While most commentators seem to believe only the "fourth type of soil" represents those who accept Jesus and are born-again, it is clear that new life begins among the stones and the thorns as well. Persecution silences many, and the things of this world distract many others. They have received the miraculous gift of spiritual life, but they remain babes in Christ (1 Cor. 3:1). We all know believers who are "married to their jobs," or who believe their responsibility is to provide as much luxury as possible for their family. They have accepted Christ as payment for their sin, but fail to realize that joy only comes to those who are being a Christian.

Money, in itself, is not evil. The Jews were to use it for their atonement prior to the coming of Christ (Ex. 30:12-16; Lev. 5:15-16). It was to be given as alms to the poor (Deut. 15:11; Lk. 11:41). It was used to pay tithes to God (Lev. 27:30-33). Money was used to pay taxes (Matt. 17:24-27; 22:17-21). Jesus used the woman's joy of finding a lost coin as a comparison to the joy in heaven over a soul that is saved (Lk. 15:8-10). Money was used to pay workers for their labor (Matt. 20:1-15). Our interest in money simply reveals where our heart is (Matt. 6:19-21); the amount of time we focus upon money reveals our priorities.

Working is the opposite of coveting, but it is not necessarily obedience; it depends upon our motive.

Sunday, March 20, 2011


There are 282 English words ending with "ology," which informally defined is a field of study or academic discipline ending in the suffix "-ology." Such words are formed from Greek or Latin roots with the terminal "-logy" derived from the Greek suffix -λογια (-logia), meaning "speaking." Not all words ending in "-ology" are "ologies" in the above sense. In some words such as "autology" and "haplology" the "-logy" suffix is from the Greek λογος, meaning "word," and denotes not a field of study but a type of speech or writing.

If I have not put you to sleep with my boring introduction, I would like to make a few comments about some of the words in the list of 282, and some which were not counted. While I attended Seminary, I studied the Bible (Bibliology), God (Theology), Christ (Christology), the Holy Spirit (Pneumatology), angels (Angelology), man (Anthropology), sin (Hamartiology), salvation (Soteriology), the Church (Ecclesiology), and the future (Eschatology). For all of those, I am truly grateful, because they grounded me in the ten most important subjects in the world. I have studied these, but unfortunately, those who control our government apparently have not.

It seems they prefer Psychology with its "I'm Okay, You're Okay," Sociology with its "All Societies and Religions are equal," Archeology with its denial of biblical cultures, Geology with its "millions of years" dating of the Earth, Biology with its emphasis on evolution, Embryology with its "life begins at birth," and Astrology with its ridiculous assertion that the stars can predict the future. And how can we forget Climatology with Al Gore running loose, or Criminology with its bleeding-hearts who argue against making the lives of criminals miserable? Is it any wonder we have abortion on demand, children out of control, political chaos, gay marriage, legalized gaming, a drug epidemic, a collapsing economy, and politicians who would rather cut entitlements than manage a balanced budget? For the record: ENTITLEMENTS ARE THINGS THAT HAVE BEEN EARNED! To reduce them or do away with them is blatant larceny!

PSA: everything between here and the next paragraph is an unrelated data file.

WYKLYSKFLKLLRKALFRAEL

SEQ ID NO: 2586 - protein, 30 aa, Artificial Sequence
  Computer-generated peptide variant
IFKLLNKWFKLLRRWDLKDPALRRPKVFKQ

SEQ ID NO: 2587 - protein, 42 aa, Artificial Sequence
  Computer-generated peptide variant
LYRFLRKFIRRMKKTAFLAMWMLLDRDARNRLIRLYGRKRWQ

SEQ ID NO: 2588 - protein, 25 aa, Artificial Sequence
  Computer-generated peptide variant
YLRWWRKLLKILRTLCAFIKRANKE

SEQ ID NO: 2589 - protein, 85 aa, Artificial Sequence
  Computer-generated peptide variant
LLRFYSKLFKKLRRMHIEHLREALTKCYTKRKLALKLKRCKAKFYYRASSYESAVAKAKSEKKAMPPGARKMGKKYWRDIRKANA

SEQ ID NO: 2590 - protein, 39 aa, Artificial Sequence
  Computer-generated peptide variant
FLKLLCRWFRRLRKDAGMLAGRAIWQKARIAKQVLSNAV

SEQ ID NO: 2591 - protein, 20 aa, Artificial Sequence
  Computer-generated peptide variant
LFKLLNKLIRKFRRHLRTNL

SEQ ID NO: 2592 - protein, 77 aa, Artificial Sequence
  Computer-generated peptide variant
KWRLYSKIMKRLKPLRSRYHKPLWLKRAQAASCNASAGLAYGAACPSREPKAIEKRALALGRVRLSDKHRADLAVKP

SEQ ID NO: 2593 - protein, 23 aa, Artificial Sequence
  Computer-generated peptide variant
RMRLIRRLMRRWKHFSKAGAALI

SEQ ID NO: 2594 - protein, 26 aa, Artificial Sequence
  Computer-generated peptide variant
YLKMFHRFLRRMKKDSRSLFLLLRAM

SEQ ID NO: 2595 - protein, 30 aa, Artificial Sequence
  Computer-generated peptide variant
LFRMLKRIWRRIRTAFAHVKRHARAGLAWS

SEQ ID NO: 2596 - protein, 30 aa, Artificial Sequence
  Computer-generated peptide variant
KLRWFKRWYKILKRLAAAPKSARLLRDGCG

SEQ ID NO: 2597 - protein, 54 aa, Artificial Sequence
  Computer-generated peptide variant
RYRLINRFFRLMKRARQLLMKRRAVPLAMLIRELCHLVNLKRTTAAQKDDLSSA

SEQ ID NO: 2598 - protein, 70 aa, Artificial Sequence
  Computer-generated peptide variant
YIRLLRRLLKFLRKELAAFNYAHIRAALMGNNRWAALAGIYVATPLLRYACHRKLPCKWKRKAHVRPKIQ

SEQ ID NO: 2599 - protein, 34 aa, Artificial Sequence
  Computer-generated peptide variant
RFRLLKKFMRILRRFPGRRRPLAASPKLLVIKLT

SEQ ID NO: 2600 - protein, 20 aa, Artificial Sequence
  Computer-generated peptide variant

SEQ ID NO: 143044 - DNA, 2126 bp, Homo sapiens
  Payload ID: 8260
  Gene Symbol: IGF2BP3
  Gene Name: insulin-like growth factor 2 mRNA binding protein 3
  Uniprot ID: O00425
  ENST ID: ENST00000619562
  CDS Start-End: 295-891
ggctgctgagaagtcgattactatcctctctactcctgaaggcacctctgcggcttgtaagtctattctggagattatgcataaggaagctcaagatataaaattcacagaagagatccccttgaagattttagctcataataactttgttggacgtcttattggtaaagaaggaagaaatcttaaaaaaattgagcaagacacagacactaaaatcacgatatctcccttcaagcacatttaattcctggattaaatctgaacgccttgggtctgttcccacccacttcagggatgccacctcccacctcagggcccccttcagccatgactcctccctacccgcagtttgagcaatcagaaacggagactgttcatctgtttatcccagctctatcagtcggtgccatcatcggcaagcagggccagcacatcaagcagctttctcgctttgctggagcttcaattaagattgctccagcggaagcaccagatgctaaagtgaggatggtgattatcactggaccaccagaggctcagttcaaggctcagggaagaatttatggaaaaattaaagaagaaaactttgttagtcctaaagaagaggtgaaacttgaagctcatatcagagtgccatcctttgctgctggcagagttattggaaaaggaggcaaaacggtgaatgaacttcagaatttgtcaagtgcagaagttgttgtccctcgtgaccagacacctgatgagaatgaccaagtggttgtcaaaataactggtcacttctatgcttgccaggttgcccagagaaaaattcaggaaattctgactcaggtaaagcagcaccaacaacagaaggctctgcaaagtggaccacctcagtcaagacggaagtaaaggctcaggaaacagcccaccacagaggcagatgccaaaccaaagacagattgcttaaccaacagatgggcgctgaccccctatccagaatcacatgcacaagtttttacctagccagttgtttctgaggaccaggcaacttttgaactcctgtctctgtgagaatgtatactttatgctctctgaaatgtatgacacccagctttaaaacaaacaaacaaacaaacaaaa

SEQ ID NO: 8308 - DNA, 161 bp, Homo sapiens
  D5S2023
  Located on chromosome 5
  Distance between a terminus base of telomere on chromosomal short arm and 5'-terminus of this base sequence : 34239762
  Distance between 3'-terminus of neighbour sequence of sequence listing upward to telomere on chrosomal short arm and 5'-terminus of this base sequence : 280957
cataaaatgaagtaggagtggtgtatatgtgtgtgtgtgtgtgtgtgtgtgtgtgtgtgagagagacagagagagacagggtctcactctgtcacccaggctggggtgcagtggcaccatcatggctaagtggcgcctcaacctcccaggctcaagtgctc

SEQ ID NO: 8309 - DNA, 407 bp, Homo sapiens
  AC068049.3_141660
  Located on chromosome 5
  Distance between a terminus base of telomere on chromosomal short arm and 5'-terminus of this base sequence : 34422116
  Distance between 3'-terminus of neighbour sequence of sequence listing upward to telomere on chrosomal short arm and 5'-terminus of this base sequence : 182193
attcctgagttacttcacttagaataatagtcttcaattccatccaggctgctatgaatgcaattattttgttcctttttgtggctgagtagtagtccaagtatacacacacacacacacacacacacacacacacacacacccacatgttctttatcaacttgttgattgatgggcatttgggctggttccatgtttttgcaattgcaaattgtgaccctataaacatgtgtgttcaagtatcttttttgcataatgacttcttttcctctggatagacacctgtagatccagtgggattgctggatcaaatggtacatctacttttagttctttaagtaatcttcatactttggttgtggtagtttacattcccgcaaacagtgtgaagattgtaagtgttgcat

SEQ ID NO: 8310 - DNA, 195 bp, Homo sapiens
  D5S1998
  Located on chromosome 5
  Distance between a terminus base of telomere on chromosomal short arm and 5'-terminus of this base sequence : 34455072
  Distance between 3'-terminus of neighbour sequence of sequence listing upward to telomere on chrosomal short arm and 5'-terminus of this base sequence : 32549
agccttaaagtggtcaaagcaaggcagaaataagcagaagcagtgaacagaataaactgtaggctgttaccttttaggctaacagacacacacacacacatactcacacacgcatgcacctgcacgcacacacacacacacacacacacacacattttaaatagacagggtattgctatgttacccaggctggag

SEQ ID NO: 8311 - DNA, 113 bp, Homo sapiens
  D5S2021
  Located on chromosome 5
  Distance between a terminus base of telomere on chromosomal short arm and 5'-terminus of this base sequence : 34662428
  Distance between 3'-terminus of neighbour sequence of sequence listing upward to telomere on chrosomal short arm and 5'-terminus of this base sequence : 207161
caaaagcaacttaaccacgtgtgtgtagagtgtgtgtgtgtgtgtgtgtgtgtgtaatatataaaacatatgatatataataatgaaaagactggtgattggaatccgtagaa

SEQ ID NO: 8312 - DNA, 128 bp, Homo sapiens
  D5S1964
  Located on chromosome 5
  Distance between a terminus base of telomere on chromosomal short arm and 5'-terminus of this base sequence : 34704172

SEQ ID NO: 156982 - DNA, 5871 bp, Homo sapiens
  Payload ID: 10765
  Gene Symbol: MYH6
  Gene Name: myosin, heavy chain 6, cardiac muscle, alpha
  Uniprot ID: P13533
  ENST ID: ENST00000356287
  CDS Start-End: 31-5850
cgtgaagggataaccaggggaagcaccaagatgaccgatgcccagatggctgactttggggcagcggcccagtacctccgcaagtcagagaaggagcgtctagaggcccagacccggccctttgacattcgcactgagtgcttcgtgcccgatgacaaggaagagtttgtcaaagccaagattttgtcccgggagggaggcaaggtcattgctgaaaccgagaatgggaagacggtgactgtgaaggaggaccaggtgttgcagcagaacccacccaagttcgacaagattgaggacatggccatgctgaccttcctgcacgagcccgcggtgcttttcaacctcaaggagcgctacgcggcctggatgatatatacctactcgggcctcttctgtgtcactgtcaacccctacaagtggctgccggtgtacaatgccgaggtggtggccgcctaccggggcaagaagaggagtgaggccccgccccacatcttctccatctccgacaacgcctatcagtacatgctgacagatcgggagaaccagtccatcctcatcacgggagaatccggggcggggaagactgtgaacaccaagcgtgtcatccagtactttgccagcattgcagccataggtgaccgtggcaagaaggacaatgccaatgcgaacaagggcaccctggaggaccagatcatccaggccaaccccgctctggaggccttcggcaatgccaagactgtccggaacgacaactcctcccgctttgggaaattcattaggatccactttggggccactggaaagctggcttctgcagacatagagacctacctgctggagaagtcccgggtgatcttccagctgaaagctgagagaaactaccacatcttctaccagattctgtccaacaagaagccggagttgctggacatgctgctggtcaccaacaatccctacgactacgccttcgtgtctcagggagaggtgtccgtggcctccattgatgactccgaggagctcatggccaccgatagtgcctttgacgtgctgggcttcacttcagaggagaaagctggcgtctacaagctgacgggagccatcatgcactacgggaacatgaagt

There is only one "ology" that born-again believers and the God of the Bible want to hear: an APOLOGY! Man has turned the truth into a lie (Rom. 1:25), the natural into perversion (Rom. 1:26-27), has called evil good, and good evil (Isa. 5:20), and professing themselves to be wise, they have proven to be fools (Rom. 1:22). Instead of worshiping the Creator, man has chosen to worship created things (Rom. 1:23-25). And sadly, many professing Christians have been duped by Satan and his "ologies" which turn them away from serving the resurrected, living God!


Saturday, March 19, 2011


There must be something wrong with me spiritually. I seem to have developed a hardened heart when it comes to helping others. And what is sad about the whole thing, is that I am not really under conviction that I am wrong. In fact, I am almost angry with all the "bleeding-heart" organizations who try to "guilt me" into donating to their cause. I receive phone calls nearly everyday from law enforcement organizations, colleges, veteran's groups, and politicians whose "volunteers" try to "sell me" on their candidate's "savior-like" qualities. And heaven help me if I ever order something from a television preacher! It would take more than I could give just to print the volumes of materials they send soliciting more.